## Notes to Being and Becoming in Modern Physics

1. As translated in Wheelwright (1960). The quote by Parmenides in what follows is also from this volume.

2. Many recent papers on these issues are collected in Oaklander and Smith (1994). Gale (1967) has some good older papers and a useful bibliography.

3. For a revival and defense of this idea, see Savitt (2002). See also Maudlin (2007) and Norton (2010).

4. There are many excellent non-technical introductions to the special theory. John Norton's "Einstein for Everyone" is available on his web site at the University of Pittsburgh. Other fine currently available books are Mermin (1968), Mermin (2005) and Born (1962). A more demanding introduction mathematically is Taylor and Wheeler (1963). An excellent philosophical discussion is Chapter IV of Friedman (1983).

All the concepts needed for the present discussion are outlined briefly in the opening paragraphs of section 4 of Shimony (1993), but there is no substitute for working through in detail at least one presentation of the special theory at whatever level of mathematical sophistication one is equipped to handle.

5. While most popular presentations of special relativity explicitly employ only these two assumptions, Friedman (1983) points out that another assumption of a more technical nature, the flatness of Minkowski spacetime, is needed in order to derive all the characteristic results of the theory. We will ignore this refinement here.

One should note, however, that the two assumptions explicitly made
are assumptions concerning *invariance* — the invariance
of the speed of light and the laws of physics. That certain other
quantities classically thought to be invariant turn out not to be so in
special relativity has sometimes obscured the fact that there is a
fundamental invariant special relativisic four-dimensional quantity
called *the spacetime interval* that will enter our
considerations in due course.

6. Hans Reichenbach indicated the same view in 1925. See Grünbaum (1973, p. 318).

7. Whether this suggested distinction overlaps or is independent of the distinction between tensed and tenseless uses of ‘is’ invoked above in the section on Newtonian Spacetime is an open question. Questions about the viability of this distinction are connected to deep questions in ontology and philosophy of language on which Carnap, Quine, and Sellars differed. See the discussion in Jay Rosenberg's entry in this Encyclopedia, Wilfrid Sellars.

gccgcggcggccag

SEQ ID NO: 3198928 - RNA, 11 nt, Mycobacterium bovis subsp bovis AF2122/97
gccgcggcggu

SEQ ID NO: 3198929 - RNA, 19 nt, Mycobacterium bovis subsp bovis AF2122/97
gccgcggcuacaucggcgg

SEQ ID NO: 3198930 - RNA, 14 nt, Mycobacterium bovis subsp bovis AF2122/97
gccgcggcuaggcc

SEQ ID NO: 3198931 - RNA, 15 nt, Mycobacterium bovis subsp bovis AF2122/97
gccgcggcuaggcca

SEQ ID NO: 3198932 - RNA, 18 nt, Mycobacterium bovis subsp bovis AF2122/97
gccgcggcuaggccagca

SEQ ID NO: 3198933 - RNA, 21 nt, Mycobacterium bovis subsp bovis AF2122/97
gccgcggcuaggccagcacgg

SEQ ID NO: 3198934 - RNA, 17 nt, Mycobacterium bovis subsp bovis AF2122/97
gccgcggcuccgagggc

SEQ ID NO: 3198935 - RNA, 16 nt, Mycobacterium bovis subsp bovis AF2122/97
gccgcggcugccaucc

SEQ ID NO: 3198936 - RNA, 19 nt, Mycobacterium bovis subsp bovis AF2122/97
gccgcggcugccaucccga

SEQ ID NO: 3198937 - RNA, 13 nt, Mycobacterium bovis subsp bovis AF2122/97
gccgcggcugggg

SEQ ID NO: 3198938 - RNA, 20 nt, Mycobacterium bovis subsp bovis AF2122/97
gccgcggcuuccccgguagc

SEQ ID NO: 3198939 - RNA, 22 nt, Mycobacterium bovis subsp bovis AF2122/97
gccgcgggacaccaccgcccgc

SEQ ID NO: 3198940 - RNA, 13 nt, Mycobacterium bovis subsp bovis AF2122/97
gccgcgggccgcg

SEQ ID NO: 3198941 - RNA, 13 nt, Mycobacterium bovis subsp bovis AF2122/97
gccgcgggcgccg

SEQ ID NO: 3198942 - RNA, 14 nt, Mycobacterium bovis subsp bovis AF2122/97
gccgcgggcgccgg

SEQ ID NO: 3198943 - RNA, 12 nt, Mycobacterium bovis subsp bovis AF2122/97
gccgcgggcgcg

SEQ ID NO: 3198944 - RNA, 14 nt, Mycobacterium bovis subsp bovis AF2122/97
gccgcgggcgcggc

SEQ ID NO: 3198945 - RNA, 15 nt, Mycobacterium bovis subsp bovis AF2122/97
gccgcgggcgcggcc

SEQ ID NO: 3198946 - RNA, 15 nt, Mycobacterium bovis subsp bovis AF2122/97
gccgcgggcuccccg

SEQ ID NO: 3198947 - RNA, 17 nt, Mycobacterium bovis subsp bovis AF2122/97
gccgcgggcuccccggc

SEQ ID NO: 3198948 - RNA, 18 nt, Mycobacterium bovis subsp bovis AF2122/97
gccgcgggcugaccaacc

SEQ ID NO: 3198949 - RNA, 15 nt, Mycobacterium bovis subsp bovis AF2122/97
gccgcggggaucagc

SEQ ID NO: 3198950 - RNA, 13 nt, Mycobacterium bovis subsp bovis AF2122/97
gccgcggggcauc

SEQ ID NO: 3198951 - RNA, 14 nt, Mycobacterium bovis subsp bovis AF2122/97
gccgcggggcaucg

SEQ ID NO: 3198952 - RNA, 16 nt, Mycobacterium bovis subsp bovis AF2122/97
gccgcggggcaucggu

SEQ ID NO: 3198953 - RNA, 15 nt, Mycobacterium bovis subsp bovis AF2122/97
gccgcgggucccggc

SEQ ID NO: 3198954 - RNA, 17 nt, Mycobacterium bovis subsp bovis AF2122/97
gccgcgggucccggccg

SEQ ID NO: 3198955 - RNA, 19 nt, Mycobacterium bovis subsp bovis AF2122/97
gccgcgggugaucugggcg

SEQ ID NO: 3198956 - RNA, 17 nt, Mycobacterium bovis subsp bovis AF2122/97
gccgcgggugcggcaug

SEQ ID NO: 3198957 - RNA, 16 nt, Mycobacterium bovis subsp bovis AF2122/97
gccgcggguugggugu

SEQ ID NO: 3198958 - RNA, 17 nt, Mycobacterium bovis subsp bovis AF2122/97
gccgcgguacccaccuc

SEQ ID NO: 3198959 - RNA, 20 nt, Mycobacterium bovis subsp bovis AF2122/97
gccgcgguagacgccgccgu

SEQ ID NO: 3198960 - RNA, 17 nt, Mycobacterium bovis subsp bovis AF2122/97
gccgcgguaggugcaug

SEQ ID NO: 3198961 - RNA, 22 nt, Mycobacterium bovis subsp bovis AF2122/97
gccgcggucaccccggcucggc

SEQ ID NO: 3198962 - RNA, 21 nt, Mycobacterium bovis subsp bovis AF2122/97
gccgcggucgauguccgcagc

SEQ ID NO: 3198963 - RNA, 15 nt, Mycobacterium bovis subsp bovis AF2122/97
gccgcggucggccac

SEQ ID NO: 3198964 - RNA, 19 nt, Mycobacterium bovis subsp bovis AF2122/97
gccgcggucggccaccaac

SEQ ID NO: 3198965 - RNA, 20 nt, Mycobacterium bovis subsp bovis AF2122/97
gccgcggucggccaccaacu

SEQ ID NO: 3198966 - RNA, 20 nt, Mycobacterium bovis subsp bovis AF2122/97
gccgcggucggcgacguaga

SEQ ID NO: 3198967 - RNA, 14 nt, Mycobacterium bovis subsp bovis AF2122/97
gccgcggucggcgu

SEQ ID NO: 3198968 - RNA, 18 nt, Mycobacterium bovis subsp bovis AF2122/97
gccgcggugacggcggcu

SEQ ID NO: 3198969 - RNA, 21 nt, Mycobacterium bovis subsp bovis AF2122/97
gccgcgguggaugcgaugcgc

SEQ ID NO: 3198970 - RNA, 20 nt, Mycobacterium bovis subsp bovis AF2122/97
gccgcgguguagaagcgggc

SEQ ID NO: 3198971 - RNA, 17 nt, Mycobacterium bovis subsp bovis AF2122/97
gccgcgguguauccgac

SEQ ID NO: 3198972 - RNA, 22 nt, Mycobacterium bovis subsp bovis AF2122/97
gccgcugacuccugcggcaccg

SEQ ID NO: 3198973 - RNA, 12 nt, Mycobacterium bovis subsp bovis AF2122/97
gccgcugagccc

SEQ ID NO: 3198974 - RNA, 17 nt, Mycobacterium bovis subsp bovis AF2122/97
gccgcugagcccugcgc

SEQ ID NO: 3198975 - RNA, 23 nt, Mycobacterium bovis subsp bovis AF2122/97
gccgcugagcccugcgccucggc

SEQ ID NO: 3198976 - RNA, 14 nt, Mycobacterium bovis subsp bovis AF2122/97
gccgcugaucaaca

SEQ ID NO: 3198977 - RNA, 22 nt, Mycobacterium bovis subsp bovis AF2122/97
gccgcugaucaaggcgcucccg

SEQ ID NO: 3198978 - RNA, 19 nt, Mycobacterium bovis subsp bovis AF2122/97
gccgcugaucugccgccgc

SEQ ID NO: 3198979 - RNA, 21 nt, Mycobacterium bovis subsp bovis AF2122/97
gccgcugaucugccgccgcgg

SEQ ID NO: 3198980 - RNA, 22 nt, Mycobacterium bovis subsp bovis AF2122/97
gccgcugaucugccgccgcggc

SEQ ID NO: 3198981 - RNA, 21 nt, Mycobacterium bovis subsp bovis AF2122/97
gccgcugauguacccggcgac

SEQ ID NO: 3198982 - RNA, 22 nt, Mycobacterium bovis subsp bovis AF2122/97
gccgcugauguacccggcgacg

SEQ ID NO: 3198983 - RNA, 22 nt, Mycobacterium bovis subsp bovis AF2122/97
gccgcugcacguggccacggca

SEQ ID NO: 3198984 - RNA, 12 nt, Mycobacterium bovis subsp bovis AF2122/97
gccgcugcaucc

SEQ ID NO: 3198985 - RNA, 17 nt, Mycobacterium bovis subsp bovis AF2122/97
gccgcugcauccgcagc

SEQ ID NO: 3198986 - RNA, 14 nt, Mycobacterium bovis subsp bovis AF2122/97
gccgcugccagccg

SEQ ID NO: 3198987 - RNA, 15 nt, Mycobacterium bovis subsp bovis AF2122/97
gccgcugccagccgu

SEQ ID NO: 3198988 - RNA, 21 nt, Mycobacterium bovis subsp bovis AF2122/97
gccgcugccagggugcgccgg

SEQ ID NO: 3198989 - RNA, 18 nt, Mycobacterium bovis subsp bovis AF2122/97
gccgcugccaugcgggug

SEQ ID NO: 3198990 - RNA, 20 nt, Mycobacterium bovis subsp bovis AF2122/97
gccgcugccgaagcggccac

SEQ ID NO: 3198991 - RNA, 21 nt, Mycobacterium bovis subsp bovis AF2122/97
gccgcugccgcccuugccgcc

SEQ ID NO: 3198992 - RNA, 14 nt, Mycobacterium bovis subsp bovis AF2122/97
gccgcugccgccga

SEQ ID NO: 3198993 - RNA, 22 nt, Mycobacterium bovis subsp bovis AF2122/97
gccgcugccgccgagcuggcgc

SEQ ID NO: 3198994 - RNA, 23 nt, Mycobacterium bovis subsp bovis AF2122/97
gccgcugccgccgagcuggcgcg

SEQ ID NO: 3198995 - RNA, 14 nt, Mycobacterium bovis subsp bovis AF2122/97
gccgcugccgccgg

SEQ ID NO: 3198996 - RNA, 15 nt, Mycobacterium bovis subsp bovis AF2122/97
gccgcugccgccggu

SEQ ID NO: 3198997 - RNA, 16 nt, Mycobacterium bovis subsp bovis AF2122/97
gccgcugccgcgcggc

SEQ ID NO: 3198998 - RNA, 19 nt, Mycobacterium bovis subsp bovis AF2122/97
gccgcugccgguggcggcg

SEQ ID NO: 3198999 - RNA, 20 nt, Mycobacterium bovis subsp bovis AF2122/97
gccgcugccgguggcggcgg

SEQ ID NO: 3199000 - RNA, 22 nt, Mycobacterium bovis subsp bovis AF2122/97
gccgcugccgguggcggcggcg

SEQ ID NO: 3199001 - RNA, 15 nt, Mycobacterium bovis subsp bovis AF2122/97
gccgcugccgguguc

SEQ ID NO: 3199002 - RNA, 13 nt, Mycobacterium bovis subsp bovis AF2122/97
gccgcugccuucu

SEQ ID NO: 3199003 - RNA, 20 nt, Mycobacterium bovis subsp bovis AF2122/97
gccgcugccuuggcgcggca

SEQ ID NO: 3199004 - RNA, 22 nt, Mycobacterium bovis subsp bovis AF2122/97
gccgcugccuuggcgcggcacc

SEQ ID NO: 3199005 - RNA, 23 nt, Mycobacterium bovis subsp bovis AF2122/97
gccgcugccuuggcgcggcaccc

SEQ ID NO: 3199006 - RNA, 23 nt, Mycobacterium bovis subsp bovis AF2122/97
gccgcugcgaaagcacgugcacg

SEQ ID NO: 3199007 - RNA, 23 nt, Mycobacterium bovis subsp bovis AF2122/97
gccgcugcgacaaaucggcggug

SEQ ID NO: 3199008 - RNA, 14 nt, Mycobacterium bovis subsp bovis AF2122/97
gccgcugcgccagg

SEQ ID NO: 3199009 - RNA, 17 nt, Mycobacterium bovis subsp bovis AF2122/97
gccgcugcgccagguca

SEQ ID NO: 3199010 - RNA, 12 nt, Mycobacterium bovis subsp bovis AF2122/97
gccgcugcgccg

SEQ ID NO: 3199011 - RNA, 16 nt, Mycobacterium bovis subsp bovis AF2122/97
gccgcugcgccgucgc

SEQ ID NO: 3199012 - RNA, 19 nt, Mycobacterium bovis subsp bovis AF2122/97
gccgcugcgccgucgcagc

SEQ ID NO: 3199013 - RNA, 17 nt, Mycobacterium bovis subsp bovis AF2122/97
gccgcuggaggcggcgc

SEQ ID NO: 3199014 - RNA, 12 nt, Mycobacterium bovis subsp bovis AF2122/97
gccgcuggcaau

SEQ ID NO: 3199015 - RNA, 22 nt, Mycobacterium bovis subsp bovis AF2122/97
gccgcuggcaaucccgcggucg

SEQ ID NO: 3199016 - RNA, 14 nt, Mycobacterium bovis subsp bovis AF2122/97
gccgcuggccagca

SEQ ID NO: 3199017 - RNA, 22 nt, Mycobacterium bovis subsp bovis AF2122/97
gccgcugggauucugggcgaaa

8.
Minkowski
spacetime is a *time orientable* manifold. If one chooses one of
the two lobes of the light cone at a point **O** to be,
say, future, that choice can be extended smoothly throughout the whole
of the spacetime. We say nothing as to how this choice is to be made in
this entry, but we assume that it has been, somehow, made.

9.
The three are
free to choose **O** as the origin of each of their
coordinate systems and to assign it spatial coordinate (0,0,0) and
temporal coordinate 0. But what position and time values are assigned
by each of them to other spacetime points now follows rigorously from
the rules, the Lorentz transformations, of special relativity.

10.
It is the fact
the Rietdijk-Putnam-Penrose argument for the fixity of the future does
not rely on features of natural laws or causation that leads me to call
the thesis chronogeometric *fatalism* rather than
chronogeometric *determinism.* Determinist and fatalist
arguments have the same conclusion, that the future is somehow fixed
and not within our control, but the former do so from causal or
nomological considerations while the later do not.

11.
Briefly,
*Rxy* iff (*y* < *x* or *y* <<
*x*). Clifton and Hogarth (1995) point out the relation betwen
*x* and each point in (but not on) its past light cone also
satisfies all the criteria of adequacy specified in the text.

12. This result is implicit in the proofs offered by Stein and by Clifton and Hogarth. It is made explicitly in Callender (2000).

13.
Following
Winnie (1977), I suggest calling this set
ALEX(e_{0},e_{1}), since it is an open subset in the
Alexandrov topology. Richard Arthur, as far as I know, was the first
philosopher to use these sets to account for temporal becoming. See
Arthur (2006) and Savitt (2009).